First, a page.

Lou Ann Griswold
Lou Ann Griswold
Lou Ann Griswold has been at the University of New Hampshire (UNH) since 1989. Currently she is associate professor and chairperson of the Department of Occupational Therapy. Below is a correspondence with Dr. Griswold about her own research and her mentoring experiences with undergraduate students.
|Lou Ann Griswold|
Inquiry: What is your current research? Did your undergraduate studies point you toward it? What interests you most about it?
My research has focused on evaluating people as they engage in naturally occurring activities that they need and want to do: household tasks such as making a simple meal or interacting with others in their work environment.
Occupational therapists focus on helping people do the activities that they want to do or return to doing. Yet, many of the assessments used focus on body functions that support a person’s ability to do activities, such as muscle strength or cognitive ability. I believe that we need to evaluate what we are wanting to promote: doing meaningful activities. I have helped to research and develop assessment tools to do just that. I hope that my research makes a difference for our profession and for the clients for whom we provide services.
Including students in my research agenda helps my research move forward and introduces students to the value of research. I have mentored individual students and small groups of students. One group of eight students helped a colleague and me develop criteria for scoring observation of social interaction. Eventually, their input led to an assessment tool that is used all over the world.
Inquiry: What is the purpose of a mentoring relationship? What should the student and you gain from it?
Over the years, I have learned that mentoring is more about providing opportunities for students and gently suggesting what they might do. They have to be the ones to do the research, from making contact with potential research sites to recruiting participants to presenting the findings. I usually have to help more with data analysis. The most important thing that students gain is a desire to do research and the confidence to do a small study on their own. When students do the research independently they have the opportunity to really acquire the confidence that they would not achieve if I was with them.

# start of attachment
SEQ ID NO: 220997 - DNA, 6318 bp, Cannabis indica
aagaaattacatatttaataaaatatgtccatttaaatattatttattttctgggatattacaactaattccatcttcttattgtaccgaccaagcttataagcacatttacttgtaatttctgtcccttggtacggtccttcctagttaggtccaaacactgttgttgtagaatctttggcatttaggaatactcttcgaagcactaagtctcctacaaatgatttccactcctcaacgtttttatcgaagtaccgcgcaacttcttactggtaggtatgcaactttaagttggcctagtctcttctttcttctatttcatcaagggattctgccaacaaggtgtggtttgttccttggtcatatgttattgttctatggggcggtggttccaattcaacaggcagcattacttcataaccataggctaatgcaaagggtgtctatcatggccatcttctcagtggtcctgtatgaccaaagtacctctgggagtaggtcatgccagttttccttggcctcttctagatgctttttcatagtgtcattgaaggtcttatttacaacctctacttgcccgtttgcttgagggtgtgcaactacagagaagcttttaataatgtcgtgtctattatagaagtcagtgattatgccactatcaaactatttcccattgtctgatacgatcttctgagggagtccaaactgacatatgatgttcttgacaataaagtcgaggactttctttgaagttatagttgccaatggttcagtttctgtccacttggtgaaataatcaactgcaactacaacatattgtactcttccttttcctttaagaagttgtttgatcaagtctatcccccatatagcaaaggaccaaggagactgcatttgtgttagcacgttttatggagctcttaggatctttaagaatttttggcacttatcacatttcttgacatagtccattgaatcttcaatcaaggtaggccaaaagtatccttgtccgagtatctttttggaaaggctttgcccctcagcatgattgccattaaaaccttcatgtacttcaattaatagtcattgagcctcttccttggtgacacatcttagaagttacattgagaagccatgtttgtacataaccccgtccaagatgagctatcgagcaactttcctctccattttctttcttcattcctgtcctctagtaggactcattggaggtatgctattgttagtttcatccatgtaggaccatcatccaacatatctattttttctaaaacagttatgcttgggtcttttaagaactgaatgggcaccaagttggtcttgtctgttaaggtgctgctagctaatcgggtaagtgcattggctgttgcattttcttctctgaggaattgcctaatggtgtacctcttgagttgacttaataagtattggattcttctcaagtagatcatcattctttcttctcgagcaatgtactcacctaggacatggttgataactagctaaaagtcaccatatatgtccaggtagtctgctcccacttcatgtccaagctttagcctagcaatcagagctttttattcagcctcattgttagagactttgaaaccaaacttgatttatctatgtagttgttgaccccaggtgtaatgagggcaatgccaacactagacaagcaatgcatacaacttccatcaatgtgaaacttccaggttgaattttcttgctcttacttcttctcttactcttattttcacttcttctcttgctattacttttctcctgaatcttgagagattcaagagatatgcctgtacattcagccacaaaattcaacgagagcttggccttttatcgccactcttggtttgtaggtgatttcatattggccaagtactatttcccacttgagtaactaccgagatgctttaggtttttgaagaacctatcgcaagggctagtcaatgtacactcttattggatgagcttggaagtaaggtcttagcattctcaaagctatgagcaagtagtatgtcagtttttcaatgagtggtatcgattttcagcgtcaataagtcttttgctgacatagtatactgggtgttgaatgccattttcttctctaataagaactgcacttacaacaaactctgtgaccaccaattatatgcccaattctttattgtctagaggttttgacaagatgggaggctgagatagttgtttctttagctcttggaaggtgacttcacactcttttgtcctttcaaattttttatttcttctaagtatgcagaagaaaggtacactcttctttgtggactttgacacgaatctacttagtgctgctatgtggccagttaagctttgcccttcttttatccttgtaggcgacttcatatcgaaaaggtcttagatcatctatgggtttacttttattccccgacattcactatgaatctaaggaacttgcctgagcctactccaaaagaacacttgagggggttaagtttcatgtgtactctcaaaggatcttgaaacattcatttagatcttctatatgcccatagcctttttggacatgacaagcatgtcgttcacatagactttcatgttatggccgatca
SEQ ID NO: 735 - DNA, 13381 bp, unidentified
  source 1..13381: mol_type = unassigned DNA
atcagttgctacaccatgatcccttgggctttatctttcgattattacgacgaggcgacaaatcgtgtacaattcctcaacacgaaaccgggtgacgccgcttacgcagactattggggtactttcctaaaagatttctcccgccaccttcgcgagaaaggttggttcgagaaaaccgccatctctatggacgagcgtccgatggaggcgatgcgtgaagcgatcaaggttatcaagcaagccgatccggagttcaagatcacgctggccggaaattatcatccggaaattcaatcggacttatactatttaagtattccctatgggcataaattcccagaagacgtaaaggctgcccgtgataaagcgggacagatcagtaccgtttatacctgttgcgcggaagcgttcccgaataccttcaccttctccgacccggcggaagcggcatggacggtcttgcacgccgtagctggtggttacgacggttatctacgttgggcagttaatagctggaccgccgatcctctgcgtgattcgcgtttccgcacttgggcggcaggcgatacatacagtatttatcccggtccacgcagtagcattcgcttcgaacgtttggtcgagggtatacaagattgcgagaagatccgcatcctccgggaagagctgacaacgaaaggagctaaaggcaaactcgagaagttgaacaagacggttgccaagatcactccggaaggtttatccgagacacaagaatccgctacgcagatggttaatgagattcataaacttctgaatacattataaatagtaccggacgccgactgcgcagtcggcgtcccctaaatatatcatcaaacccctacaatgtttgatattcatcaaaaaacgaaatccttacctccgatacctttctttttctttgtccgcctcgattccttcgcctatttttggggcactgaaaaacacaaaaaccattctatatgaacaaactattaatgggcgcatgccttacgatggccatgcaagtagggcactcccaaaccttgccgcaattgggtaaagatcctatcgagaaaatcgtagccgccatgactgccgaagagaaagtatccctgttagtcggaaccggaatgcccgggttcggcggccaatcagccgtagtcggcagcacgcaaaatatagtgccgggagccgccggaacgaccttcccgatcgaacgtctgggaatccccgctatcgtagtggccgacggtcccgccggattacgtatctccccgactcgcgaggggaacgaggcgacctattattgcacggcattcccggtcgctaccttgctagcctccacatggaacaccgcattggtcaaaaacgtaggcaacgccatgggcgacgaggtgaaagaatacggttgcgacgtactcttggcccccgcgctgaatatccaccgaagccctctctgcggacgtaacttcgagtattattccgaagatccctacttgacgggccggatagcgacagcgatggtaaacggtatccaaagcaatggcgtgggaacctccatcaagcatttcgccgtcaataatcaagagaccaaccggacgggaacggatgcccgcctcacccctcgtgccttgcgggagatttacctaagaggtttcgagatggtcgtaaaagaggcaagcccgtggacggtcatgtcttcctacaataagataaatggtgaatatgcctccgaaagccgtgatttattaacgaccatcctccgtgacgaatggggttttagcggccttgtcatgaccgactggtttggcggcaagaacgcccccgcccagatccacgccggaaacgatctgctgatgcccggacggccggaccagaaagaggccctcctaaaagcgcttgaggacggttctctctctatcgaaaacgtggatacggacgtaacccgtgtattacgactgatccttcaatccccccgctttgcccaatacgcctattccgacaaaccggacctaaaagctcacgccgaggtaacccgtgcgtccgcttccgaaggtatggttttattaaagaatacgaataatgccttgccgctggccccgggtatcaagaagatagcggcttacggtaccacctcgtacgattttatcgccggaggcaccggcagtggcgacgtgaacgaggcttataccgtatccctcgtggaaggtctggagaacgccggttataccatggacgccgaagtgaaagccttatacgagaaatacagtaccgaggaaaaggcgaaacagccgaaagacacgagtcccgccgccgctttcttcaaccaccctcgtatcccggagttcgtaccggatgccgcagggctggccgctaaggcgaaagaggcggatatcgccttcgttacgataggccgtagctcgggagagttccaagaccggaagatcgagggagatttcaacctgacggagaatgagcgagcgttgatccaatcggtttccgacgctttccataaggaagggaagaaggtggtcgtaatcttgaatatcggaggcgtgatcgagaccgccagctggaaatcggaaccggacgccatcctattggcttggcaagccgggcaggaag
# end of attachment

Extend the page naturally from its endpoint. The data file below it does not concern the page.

It is always lovely when a student’s research project becomes a published article. That is the tangible benefit for me. However, I also learn along the way. One study that a student conducted revealed no significant results as we had anticipated, but it led to a new research question that another student followed up on the next summer.
Inquiry: Please describe one or two memorable mentoring experiences or mentees.
Two students whom I have mentored have done not one, but two research studies with me. One of these students went to Sweden to work with another colleague of mine. She learned so much about another culture, occupational therapy practice in another country, and her own strengths as a person. She and I remain in contact now, five years later.
Inquiry: Please describe any difficulties or problems you have had in mentoring undergraduates.
I have had an undergraduate student who had taken on too many activities and was not sure she could complete her research. I told her that completing the study was a choice and I would respect the decision she made. It was hard not to try to persuade her. A week later, she came and said she was committed to the research project and she did a great job pulling it together.
Inquiry: What advice or tips would you give a faculty member new to undergraduate mentoring?
Relax and let the process happen. Go in with high expectations for what a student can do and step back and let the student take the lead. Yet, go in with low expectations regarding having a manuscript to submit for publication. I have found that even the best undergraduate writers are not at the level needed for publication.
Copyright 2018, Brigid C. Casellini